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Time Inconsistency and Free-Riding in a Monetary Union

Authors

  • VARADARAJAN V. CHARI,

    1. Varadarajan V. Chari is the Paul W. Frenzel Land Grant Professor of Liberal Arts, Department of Economics, University of Minnesota, 4-101 Hanson Hall, 1925 Fourth Street South, Minneapolis, MN 55455, and a Consultant, Research Department, Federal Reserve Bank of Minneapolis, 90 Hennepin Avenue, Minneapolis, MN 55401-1804 (E-mail: chari@res.mpls.frb.fed.us).
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  • PATRICK J. KEHOE

    1. Patrick J. Kehoe is the Frenzel Professor of International Economics, Department of Economics, University of Minnesota, 4-101 Hanson Hall, 1925 Fourth Street South, Minneapolis, MN 55455, and a Monetary Advisor, Research Department, Federal Reserve Bank of Minneapolis, and Research Associate, National Bureau of Economic Research, 1050 Massachusetts Avenue, Cambridge, MA 02138-5398 (E-mail: pkehoe@res.mpls.frb.fed.us).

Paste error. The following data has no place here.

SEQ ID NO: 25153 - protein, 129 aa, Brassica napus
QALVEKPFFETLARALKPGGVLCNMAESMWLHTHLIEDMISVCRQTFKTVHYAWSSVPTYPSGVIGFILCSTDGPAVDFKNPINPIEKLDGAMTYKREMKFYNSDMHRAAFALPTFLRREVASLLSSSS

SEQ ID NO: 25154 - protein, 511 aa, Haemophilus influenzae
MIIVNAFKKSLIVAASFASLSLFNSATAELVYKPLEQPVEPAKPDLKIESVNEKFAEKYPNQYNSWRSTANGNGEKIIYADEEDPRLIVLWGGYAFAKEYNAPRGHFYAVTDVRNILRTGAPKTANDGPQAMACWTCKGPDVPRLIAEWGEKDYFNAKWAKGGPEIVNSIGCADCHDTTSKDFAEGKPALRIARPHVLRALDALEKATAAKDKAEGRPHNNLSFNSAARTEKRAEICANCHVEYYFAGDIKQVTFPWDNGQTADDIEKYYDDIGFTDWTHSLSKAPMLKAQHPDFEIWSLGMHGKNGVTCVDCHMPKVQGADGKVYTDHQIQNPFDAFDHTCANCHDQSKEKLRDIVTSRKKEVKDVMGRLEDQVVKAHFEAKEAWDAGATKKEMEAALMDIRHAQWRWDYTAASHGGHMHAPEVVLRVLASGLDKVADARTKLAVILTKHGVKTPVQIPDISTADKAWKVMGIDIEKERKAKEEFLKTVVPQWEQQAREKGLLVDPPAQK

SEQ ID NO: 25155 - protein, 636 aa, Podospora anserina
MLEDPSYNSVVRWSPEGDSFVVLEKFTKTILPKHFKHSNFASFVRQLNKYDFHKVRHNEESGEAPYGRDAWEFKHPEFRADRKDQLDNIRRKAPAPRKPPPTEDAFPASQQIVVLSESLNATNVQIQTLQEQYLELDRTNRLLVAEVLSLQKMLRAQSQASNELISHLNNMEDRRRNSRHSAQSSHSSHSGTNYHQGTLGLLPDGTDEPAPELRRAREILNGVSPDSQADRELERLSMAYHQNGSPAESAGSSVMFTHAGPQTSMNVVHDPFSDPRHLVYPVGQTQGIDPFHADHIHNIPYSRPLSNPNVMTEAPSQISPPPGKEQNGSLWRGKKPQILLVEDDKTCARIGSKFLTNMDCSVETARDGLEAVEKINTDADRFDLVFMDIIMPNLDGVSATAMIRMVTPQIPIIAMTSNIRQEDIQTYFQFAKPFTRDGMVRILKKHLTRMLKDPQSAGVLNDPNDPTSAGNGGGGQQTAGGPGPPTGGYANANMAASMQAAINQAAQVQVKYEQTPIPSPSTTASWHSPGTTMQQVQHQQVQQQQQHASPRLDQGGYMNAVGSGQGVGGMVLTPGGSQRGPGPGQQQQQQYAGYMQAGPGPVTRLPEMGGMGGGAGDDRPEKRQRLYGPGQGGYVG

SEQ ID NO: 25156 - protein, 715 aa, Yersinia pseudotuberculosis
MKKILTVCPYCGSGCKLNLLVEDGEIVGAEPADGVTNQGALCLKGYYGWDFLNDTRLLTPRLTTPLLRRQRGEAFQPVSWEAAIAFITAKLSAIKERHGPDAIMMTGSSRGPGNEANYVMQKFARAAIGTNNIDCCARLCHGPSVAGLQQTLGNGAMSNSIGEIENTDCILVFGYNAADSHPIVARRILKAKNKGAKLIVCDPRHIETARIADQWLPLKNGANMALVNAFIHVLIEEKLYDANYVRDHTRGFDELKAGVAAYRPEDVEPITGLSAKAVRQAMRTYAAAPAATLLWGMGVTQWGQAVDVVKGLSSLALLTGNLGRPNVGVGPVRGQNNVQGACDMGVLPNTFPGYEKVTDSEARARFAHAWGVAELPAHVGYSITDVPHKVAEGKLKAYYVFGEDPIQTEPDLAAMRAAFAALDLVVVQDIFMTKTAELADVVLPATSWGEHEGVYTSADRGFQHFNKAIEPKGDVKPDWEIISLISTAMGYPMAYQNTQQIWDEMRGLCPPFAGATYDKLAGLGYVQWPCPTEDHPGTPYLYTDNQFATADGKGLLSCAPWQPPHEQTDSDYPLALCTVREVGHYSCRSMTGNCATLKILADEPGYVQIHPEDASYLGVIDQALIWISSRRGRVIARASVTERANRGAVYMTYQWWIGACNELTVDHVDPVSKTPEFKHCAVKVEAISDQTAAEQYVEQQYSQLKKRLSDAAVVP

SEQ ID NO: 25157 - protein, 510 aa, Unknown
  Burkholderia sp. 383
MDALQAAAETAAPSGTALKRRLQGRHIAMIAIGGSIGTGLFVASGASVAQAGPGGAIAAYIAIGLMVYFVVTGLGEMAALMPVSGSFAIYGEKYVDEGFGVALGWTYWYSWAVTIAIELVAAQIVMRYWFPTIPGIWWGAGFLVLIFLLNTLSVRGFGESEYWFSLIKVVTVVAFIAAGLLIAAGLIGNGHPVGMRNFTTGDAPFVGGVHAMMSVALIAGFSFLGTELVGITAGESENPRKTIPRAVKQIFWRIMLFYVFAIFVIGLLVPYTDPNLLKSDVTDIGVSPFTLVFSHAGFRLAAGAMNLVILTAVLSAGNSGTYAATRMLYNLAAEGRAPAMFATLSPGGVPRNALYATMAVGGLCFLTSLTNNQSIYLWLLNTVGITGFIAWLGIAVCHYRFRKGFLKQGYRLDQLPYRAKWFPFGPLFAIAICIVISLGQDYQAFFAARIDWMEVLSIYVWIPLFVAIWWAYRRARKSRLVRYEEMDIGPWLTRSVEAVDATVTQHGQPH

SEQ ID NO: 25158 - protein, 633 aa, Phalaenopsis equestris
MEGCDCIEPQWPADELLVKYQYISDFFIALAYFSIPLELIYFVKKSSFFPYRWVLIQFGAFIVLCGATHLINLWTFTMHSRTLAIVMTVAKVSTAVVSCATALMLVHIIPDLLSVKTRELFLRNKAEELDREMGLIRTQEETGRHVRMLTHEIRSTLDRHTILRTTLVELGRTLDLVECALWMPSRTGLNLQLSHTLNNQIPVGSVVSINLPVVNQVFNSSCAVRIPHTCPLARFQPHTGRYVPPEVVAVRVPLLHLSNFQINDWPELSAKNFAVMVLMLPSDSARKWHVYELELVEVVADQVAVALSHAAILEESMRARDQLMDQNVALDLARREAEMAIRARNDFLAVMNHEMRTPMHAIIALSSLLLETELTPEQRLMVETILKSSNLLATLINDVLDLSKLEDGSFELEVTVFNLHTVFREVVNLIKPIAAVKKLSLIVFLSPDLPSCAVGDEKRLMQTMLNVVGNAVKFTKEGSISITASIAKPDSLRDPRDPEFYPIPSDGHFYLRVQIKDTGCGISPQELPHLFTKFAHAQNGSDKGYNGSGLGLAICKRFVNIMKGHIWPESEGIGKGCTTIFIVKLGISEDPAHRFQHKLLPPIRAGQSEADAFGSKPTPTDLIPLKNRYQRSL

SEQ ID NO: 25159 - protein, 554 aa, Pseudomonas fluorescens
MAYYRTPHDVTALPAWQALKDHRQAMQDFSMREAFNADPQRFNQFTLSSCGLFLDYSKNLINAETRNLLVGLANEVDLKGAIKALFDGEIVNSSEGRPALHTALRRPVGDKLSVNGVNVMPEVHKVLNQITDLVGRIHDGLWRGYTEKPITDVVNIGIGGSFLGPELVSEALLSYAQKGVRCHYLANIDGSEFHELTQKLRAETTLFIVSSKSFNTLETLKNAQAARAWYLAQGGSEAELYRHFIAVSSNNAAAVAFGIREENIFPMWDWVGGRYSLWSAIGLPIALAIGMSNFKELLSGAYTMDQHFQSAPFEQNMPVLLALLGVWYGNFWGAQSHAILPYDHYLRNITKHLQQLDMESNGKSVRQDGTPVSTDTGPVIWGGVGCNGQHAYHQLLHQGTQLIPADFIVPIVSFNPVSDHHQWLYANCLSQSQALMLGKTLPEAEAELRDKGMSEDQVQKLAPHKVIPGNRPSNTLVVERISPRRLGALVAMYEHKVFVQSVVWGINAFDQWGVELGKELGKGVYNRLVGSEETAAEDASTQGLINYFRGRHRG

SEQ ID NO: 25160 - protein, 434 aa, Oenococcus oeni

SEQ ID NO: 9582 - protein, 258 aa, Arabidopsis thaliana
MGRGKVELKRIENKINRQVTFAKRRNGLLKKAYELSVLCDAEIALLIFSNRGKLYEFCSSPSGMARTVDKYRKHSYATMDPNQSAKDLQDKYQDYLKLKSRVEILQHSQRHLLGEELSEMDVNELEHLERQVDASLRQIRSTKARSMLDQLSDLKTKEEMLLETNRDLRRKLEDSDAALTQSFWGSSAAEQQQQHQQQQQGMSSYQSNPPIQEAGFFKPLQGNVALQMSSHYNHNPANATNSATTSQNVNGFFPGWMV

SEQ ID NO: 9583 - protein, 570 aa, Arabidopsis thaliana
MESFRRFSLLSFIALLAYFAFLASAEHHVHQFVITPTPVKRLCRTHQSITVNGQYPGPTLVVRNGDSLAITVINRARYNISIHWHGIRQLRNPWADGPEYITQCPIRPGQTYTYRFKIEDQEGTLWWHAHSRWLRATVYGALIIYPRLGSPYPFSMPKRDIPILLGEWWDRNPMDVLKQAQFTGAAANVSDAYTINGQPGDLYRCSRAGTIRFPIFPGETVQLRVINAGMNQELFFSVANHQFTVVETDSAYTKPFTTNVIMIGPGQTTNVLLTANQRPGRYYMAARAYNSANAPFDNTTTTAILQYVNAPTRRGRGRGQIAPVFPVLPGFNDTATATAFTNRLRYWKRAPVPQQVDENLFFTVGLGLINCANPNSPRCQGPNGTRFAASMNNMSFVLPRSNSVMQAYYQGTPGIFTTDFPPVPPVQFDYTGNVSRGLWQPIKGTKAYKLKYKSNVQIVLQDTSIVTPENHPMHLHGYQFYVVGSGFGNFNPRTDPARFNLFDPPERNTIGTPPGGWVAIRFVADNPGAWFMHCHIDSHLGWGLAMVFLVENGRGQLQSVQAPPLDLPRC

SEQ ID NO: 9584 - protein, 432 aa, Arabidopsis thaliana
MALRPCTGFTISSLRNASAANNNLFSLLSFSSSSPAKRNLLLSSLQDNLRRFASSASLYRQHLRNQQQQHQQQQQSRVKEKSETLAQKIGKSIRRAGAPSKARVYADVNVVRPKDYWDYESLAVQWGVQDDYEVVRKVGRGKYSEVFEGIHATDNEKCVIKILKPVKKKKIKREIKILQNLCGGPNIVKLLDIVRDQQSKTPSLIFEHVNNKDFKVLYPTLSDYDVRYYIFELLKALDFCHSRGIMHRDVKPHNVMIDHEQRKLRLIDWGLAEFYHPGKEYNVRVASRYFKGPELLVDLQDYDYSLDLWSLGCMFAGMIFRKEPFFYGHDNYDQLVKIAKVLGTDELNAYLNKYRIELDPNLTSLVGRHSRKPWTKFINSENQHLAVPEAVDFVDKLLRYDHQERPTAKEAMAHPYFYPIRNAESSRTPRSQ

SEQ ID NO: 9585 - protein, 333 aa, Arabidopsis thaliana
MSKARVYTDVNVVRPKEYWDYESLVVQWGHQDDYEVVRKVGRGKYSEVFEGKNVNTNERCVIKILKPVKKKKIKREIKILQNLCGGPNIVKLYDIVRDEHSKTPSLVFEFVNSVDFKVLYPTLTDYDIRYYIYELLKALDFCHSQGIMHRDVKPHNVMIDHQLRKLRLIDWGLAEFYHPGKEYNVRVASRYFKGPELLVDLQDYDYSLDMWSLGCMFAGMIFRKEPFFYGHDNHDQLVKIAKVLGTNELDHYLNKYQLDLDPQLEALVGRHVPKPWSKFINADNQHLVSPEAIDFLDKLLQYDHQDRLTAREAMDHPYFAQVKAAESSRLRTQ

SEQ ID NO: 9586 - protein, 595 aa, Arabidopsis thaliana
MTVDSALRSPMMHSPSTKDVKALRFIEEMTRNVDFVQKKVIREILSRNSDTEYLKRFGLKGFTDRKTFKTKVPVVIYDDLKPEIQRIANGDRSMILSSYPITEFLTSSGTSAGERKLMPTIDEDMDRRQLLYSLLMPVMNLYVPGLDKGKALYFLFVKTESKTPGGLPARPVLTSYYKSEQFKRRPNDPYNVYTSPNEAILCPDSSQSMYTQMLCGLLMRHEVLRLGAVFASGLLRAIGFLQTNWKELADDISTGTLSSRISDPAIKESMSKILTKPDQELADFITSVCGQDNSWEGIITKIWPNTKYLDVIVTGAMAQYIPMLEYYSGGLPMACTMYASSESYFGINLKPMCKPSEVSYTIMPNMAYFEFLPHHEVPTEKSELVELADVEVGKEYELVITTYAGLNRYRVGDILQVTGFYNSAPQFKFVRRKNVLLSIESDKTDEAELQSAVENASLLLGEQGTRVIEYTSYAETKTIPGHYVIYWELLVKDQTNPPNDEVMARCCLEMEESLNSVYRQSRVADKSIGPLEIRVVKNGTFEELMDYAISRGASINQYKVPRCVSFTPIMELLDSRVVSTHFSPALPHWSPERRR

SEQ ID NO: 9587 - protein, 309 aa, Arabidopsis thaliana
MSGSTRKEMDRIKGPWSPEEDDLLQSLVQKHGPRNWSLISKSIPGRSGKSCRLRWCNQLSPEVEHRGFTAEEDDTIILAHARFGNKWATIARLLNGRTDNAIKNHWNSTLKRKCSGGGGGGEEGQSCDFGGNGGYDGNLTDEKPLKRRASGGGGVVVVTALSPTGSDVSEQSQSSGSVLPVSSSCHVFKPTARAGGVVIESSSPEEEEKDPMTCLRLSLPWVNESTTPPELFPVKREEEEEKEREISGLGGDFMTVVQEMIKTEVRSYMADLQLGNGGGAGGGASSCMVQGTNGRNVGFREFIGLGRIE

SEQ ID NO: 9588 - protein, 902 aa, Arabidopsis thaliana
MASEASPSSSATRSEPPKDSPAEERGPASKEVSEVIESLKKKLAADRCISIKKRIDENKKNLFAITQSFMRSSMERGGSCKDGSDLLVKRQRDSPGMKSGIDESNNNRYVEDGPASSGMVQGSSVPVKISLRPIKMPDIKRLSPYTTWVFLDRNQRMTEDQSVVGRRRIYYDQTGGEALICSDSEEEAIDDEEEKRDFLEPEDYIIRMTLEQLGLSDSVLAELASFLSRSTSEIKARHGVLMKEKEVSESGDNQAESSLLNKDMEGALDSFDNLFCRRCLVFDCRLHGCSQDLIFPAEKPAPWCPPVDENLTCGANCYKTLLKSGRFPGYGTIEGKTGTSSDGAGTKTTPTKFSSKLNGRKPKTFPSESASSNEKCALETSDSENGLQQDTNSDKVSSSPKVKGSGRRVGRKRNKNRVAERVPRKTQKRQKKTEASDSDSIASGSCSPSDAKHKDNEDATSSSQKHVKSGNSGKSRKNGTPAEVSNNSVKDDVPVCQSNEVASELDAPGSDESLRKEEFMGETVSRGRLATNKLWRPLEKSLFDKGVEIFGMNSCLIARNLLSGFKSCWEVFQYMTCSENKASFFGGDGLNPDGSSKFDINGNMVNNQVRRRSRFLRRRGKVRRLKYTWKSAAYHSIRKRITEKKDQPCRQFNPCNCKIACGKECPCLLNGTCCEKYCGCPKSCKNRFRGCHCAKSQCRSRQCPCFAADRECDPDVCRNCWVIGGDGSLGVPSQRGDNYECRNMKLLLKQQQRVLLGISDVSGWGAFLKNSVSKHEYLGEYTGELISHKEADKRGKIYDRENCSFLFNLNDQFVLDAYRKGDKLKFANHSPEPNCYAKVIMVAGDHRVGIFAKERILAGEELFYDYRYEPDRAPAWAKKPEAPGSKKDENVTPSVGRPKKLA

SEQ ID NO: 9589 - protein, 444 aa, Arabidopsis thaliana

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  • The views expressed herein are those of the authors and not necessarily those of the Federal Reserve Bank of Minneapolis or the Federal Reserve System.

Abstract

In monetary unions, a time inconsistency problem in monetary policy leads to a novel type of free-rider problem in the setting of non-monetary policies. The free-rider problem leads union members to pursue lax non-monetary policies that induce the monetary authority to generate high inflation. Free-riding can be mitigated by imposing constraints on non-monetary policies. Without a time inconsistency problem, the union has no free-rider problem; then constraints on non-monetary policies are unnecessary and possibly harmful. This theory is here detailed and applied to several non-monetary policies: labor market policy, fiscal policy, and bank regulation.

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